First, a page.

That is: can the separation of church and state function for an increasingly unchurched people whose secular passions rely on the exercise of state power?
A striking correlation exists between the decay of liberal education and the belief that government should push American citizens toward progressivism.
Currently, Jews are among the most popular religious groups in the U.S. As the liberal left’s commitment to religious liberty fades, how long will this consensus last?
Sharing his views on the resurgence of religion in modern society, Jonathan Sacks, the UK’s chief rabbi emeritus, also discusses how Judaism and Christianity have. . .
Where previous societies had “tolerated” religious minorities, the U.S. Constitution was the first to promote free religious practice.
The goals of post-sexual-revolution liberalism are at odds with the beliefs of almost every traditional religious body. Can a battle to the death be averted?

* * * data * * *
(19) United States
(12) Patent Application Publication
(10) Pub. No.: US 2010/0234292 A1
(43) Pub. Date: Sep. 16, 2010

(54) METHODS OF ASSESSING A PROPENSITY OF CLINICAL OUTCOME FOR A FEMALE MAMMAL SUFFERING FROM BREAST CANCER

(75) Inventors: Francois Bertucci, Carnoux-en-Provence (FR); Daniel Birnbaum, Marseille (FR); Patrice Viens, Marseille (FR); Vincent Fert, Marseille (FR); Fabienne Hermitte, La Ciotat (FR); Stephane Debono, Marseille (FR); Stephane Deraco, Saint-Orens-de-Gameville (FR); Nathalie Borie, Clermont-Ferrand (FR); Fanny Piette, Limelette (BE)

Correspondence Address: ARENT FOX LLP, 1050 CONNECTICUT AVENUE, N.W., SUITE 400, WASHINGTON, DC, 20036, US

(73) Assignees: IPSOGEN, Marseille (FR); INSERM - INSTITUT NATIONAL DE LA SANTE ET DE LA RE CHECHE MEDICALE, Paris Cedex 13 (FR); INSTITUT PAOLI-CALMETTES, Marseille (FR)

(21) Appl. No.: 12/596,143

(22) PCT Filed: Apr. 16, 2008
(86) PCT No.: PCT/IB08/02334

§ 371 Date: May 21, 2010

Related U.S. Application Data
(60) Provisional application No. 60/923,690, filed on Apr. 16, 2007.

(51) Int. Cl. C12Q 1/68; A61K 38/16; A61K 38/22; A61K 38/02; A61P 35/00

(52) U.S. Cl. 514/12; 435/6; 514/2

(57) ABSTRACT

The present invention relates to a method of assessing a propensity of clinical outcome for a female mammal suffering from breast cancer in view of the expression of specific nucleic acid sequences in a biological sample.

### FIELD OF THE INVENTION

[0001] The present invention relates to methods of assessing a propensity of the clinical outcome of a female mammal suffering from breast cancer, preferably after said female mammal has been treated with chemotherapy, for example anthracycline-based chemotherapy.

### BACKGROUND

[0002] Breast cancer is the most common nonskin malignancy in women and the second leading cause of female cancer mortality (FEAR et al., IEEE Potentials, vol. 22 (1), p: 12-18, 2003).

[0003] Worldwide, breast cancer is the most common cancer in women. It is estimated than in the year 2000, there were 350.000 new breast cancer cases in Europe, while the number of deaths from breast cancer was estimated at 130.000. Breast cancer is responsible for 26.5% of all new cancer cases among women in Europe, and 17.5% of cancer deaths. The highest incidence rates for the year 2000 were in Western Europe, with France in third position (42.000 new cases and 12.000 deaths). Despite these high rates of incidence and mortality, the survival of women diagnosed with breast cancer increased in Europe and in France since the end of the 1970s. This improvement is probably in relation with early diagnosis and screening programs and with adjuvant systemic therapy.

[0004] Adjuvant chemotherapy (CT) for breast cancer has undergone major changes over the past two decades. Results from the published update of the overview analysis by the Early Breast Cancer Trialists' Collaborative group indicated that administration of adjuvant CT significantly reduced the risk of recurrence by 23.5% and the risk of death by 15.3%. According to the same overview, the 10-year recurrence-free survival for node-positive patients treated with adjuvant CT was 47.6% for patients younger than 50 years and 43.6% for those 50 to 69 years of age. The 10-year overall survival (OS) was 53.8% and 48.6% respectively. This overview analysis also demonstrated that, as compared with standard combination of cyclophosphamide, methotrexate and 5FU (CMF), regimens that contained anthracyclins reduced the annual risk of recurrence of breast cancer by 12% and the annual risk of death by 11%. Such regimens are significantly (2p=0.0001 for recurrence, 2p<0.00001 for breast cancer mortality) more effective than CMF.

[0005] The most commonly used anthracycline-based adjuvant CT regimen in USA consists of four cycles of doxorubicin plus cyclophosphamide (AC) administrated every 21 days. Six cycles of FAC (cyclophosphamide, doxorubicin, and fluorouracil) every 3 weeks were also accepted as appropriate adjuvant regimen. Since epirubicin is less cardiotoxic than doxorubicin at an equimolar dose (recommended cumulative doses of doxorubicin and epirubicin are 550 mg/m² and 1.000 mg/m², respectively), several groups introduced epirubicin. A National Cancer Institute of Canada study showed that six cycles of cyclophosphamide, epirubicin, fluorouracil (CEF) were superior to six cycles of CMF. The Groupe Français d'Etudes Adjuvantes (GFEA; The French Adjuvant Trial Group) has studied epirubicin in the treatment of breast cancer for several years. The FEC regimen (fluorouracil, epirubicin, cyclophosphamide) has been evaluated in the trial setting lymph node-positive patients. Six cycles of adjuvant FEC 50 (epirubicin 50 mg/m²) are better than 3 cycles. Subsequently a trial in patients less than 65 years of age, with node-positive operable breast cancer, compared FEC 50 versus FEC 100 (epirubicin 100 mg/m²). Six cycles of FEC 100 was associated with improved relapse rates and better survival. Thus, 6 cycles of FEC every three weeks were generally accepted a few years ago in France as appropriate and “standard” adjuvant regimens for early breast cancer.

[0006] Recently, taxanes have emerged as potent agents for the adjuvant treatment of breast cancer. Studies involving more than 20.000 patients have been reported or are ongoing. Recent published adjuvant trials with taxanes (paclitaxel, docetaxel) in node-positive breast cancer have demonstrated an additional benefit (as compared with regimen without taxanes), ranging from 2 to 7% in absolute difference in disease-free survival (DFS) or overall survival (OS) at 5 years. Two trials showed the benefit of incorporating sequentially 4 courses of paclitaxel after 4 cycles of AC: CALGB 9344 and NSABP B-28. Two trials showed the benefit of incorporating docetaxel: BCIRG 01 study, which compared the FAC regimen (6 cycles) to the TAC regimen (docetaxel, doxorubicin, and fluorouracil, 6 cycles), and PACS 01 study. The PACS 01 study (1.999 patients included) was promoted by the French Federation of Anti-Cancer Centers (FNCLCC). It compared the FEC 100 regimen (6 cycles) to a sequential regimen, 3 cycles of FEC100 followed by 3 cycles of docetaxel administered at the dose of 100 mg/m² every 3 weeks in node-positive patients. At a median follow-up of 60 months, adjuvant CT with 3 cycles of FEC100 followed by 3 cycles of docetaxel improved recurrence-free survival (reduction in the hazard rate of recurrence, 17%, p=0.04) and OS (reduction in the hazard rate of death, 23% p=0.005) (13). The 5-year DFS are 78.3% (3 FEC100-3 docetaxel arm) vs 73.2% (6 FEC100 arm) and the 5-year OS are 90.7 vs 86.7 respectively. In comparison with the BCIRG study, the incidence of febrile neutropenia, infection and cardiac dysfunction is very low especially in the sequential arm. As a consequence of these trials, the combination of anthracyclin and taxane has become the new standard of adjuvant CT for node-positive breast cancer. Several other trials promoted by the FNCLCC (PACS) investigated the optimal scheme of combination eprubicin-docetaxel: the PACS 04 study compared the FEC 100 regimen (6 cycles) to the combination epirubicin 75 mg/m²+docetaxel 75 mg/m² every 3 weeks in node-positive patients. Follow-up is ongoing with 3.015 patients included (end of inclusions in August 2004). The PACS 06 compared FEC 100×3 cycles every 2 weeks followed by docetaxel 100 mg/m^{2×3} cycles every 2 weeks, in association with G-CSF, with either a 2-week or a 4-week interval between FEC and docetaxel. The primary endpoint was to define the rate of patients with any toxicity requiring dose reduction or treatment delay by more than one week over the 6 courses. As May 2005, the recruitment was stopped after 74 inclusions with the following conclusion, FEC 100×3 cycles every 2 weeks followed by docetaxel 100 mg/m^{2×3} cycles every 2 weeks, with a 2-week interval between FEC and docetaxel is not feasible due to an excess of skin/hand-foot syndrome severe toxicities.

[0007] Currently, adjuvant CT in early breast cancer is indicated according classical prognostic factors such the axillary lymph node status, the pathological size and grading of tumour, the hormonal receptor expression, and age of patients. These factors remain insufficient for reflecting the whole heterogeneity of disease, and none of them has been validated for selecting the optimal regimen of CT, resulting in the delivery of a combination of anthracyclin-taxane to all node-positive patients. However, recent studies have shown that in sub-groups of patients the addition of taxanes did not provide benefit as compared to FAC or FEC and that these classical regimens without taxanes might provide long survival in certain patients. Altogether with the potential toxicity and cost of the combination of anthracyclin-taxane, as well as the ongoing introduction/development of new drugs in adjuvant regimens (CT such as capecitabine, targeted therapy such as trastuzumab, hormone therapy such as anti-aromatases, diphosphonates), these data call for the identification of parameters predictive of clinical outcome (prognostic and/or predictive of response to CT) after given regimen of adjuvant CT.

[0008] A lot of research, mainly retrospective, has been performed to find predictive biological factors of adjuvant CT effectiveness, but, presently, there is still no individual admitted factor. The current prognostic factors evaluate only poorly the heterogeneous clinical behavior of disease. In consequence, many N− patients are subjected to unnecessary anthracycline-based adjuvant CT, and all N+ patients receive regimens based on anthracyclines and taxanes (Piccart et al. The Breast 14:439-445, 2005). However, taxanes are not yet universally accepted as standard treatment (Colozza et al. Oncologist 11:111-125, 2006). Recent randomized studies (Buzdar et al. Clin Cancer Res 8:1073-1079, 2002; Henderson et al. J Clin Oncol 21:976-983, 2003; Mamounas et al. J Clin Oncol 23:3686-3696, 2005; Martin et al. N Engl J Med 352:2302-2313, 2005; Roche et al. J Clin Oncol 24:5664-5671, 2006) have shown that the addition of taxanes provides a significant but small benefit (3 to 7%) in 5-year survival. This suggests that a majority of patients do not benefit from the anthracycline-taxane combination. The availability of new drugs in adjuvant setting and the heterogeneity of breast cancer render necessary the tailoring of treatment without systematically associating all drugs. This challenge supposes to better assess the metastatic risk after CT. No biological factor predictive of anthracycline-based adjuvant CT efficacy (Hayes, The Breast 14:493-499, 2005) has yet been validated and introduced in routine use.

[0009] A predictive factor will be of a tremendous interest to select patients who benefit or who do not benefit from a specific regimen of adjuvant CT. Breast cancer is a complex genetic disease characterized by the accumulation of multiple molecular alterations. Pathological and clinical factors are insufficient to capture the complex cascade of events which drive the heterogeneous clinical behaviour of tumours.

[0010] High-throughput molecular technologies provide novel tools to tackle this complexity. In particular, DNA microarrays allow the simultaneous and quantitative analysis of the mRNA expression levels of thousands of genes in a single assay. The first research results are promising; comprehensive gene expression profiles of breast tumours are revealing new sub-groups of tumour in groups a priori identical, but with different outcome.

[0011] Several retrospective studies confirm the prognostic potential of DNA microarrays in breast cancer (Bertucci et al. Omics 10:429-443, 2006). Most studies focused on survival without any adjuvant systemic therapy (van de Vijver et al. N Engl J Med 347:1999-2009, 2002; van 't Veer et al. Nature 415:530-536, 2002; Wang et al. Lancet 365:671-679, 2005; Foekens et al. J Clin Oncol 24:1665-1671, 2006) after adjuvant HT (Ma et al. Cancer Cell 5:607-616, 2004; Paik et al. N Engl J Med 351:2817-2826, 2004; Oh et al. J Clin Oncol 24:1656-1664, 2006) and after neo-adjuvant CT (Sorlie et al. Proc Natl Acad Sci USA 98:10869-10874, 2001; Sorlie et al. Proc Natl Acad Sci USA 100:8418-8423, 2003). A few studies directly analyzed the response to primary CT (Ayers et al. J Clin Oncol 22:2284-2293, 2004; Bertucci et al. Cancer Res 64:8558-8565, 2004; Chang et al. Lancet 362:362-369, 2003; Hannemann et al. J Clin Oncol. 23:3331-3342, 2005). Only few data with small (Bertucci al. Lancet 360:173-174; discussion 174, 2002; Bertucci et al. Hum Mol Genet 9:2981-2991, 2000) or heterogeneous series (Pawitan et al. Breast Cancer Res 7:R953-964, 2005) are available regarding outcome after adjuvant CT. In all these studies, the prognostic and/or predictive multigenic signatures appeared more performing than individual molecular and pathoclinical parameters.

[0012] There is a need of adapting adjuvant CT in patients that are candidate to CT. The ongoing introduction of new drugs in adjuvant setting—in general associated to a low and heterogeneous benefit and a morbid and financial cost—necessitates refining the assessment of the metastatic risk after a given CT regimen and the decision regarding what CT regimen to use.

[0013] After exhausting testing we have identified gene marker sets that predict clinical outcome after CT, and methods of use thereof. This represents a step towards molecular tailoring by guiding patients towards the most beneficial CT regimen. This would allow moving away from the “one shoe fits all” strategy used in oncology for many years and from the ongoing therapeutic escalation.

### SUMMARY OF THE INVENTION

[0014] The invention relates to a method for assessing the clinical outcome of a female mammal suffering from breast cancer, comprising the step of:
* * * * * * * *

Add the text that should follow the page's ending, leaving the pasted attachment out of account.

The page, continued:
“May the children of the stock of Abraham who dwell in this land continue to merit and enjoy the good will of the other inhabitants—while. . .
American universities are requiring religious groups to sign “anti-discrimination” agreements. Evangelicals have refused; Jews should, too.
A UN report urging changes to Catholic dogma would force the Church to bow before an organization especially ill-suited to offer moral guidance.
Two-hundred-fifty years ago today, a procession in Newport, R.I., carried three Torah scrolls to what is now the oldest synagogue building in the United States.
A 1998 act committing the United States to the promotion of religious freedom abroad might have been effective had it been properly implemented—but it hasn’t been.